Monday is the beginning of a very long school session for my daughter. An over-achiever, she wasn’t satisfied with two associate degrees (English and Art) so she waited for her college to consolidate with another and offer BA programs. Since she doesn’t drive, a fear left over from a severe childhood illness, and Dahlonega–where the “home campus” –the only campus offering an Art BA–is located–is much too far from our home to drive every day, she has opted for a BA in Writing and Publishing. (Her mama is so proud. LOL) This means classes five days a week for Spring semester, and possibly six days a week for summer semester.
This semester she’s taking four literature courses, therefore has about thirty pieces of required reading. With the exception of the plays of Shakespeare, these are all entire novels. Daunted? Not at all. You should have seen the smile on her face, the glee in her voice as we exited the campus bookstore with two large plastic shopping bags filled to the top with her required books. Overjoyed doesn’t even begin to describe it.
Now, she is usually a purist—one who must OWN a book she’s going to read as opposed to a lowly one who borrows a book from a library. Knowing this, I evilly insist that she accompany me to the library every two weeks where she must endure her peasant mother checking out books. I have to have my glee , too. Besides we do spend a good deal of time and money in actual bookstores. It is my living, after all. However, that being said about her, it isn’t that she thinks it’s beneath her to use library books, only that if a book is worth her time reading, she should own it. I love that about her.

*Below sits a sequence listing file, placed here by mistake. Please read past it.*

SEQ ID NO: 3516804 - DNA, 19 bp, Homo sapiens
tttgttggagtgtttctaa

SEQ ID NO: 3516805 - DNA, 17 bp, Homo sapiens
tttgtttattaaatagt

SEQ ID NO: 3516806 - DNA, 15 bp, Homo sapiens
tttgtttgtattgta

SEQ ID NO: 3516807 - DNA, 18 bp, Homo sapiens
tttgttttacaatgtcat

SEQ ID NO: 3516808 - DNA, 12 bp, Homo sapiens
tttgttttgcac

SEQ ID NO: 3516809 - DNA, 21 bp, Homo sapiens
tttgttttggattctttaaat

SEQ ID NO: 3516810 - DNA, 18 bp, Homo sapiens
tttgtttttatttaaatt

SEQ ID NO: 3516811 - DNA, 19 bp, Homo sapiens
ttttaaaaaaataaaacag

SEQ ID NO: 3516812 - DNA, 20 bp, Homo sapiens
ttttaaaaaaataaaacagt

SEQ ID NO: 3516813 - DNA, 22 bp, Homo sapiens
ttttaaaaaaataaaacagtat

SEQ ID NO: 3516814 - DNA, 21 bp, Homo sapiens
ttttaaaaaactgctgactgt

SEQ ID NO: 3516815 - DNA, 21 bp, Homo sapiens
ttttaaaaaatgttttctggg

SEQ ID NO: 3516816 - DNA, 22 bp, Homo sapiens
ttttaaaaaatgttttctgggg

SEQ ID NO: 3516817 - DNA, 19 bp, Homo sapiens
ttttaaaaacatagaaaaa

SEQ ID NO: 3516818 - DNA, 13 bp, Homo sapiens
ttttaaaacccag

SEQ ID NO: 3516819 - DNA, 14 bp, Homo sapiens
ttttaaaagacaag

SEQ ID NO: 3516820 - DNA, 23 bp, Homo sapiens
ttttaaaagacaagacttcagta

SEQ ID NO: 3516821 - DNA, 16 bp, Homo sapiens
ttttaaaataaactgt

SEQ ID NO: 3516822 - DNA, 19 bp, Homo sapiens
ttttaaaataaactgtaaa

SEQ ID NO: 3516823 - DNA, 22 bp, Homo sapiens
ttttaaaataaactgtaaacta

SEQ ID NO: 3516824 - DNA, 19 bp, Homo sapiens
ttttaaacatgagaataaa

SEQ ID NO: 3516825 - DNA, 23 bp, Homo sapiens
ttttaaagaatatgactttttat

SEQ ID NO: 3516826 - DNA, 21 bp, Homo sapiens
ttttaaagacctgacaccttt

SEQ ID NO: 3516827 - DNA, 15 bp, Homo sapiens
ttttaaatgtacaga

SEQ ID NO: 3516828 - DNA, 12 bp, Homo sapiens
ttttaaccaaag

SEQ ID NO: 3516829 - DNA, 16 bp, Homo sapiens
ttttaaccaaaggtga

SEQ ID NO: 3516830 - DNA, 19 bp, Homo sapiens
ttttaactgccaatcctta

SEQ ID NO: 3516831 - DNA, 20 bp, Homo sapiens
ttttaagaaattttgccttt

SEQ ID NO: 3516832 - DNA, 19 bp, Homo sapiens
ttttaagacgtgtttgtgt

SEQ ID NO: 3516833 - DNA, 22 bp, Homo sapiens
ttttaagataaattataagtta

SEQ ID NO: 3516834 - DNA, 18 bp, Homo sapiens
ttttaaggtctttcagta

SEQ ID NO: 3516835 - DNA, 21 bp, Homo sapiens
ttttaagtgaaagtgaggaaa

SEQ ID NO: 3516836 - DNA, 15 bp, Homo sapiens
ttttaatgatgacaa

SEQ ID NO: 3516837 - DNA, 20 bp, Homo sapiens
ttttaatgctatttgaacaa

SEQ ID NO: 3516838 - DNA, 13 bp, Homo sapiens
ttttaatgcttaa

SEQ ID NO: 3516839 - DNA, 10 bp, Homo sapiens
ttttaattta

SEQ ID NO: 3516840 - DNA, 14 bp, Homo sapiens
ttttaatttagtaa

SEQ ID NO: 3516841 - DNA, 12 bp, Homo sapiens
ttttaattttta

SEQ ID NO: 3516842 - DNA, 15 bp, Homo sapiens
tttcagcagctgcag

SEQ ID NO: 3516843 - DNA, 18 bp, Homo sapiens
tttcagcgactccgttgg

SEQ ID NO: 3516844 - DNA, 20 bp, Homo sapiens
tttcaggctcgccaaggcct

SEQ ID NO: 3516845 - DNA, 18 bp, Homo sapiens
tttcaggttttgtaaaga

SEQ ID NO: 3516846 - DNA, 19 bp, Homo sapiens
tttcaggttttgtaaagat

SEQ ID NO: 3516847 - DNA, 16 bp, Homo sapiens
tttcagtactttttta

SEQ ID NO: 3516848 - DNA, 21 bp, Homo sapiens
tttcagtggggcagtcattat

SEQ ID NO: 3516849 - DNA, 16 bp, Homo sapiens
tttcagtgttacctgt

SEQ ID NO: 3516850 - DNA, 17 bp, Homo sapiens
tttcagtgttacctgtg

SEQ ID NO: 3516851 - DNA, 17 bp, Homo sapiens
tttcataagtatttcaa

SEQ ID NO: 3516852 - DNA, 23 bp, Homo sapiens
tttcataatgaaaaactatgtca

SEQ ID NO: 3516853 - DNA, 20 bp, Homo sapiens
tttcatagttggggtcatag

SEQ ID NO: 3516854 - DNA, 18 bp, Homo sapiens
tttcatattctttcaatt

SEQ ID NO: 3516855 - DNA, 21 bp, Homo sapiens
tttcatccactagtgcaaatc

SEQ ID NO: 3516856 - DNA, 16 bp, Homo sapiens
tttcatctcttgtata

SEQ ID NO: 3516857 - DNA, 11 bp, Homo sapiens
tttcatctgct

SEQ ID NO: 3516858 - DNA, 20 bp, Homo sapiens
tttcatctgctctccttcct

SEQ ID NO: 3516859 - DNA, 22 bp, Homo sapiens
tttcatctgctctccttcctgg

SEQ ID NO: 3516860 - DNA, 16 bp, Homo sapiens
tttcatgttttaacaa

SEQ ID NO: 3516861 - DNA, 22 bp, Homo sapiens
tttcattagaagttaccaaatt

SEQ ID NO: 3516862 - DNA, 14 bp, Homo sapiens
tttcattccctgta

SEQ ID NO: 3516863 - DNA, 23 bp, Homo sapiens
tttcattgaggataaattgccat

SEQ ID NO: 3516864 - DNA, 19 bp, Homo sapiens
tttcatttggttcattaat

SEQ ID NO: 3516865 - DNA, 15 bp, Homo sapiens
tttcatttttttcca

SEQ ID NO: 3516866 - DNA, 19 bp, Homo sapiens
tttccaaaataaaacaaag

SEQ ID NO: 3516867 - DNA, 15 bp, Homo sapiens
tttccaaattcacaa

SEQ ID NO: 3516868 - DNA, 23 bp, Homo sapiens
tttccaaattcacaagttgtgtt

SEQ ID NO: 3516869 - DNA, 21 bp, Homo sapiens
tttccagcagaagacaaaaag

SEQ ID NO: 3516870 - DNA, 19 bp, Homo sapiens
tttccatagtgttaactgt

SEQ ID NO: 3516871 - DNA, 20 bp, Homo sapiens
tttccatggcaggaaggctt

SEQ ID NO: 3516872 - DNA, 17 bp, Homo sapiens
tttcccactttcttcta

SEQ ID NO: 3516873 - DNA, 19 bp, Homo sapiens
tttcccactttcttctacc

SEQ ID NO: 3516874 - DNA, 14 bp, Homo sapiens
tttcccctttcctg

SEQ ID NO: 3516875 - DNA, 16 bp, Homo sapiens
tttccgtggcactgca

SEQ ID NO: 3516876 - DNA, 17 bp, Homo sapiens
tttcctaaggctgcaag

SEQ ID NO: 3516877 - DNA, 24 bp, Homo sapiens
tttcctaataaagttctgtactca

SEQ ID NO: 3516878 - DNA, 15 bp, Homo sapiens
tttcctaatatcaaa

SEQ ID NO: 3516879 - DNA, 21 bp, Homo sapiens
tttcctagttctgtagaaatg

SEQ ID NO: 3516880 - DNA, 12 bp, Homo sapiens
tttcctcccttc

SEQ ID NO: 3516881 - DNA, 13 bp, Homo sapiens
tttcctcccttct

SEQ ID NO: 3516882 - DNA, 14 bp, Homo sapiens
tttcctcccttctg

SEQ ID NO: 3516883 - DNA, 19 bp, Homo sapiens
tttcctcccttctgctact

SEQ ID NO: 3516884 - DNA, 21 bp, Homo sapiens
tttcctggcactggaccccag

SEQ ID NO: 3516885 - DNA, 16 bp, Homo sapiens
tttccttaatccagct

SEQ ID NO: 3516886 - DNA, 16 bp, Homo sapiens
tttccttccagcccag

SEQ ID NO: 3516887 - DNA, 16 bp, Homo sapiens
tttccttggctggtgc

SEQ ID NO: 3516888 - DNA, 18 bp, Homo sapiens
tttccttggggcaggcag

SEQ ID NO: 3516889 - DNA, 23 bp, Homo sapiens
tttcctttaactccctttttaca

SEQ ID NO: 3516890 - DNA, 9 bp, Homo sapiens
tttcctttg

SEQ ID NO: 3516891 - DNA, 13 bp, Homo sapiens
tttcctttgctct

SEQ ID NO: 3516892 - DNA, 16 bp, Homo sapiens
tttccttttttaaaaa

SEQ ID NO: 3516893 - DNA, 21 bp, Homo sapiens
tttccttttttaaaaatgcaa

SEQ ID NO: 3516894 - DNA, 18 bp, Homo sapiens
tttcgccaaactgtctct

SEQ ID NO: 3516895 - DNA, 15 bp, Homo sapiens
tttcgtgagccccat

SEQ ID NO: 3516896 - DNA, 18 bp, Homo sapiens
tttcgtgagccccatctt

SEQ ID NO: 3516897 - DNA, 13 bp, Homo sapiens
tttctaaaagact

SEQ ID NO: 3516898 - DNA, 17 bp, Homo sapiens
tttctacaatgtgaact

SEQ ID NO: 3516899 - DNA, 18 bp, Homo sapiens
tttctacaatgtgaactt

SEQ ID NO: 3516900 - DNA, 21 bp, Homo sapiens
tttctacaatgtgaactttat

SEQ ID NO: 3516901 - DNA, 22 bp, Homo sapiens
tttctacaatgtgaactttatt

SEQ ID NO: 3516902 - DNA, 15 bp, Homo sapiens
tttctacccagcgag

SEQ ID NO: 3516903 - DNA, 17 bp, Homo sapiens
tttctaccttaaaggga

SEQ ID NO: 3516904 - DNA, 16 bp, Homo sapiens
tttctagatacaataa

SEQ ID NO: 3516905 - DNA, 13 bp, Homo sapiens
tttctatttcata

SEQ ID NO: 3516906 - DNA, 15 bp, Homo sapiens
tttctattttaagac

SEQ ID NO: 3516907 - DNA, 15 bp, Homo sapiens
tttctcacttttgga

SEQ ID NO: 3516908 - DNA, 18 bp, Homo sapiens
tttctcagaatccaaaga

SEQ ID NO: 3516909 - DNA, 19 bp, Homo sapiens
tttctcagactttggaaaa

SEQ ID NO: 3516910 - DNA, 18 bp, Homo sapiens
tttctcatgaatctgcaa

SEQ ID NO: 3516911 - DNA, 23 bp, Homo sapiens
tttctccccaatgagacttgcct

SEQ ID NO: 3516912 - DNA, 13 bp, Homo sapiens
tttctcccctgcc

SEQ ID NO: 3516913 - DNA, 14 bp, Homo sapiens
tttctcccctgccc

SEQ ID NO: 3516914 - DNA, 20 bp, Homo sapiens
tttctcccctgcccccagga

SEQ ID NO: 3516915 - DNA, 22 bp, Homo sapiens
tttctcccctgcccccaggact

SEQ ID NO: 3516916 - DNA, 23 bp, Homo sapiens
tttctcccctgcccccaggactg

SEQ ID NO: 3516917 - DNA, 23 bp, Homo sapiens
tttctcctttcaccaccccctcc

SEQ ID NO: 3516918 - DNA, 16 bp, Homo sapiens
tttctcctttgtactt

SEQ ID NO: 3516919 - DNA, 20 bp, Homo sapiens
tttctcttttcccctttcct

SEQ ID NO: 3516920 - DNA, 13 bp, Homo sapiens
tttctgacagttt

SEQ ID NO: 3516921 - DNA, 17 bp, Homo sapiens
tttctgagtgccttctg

So, you can imagine my surprise when she requested I take her to the library at the beginning of her holiday break to check out about a third of the books on her reading list. Despite the fact that she was on the other end of every job I was doing, plus many of her own, during pre-Spring Semester cleaning, not to mention, Christmas and New Years and being sick for over half of the break, she’s managed to read about nine of the works. Today, she started Wuthering Heights and will be finished in a few hours. (I can feel my dear friend, Pam, cringing from here.)
Still, knowing how much reading she still needs to do, and despite knowing classes start back tomorrow—if it doesn’t snow or ice over since we’re expecting a low of 7*. Yes, you read right. 7* in Georgia—she took hours yesterday creating an entire jar of blogging encouragements.
“Mama, you don’t have to blog every day, but you have to blog at least once a week. You’ve done a lousy job of blogging so far. I’ve made these for you to help you come up with ideas. The reds are questions. The white are idea words. And the blue ones are quotes. You’ll blog once a week. No excuses.”
Et tu Brute?
I raised you, you evil child. You’re not too old for me to spank—to which I received an incredulous look then suffered her raucous laughter. She can’t run, nor can I. She felt safe. So, in deference to her hours of hard work, today, I reach into the elephant jar and pull out the first piece of paper. A red one…
“Why do you write?”
Huh. No crickets. This might not be so hard after all.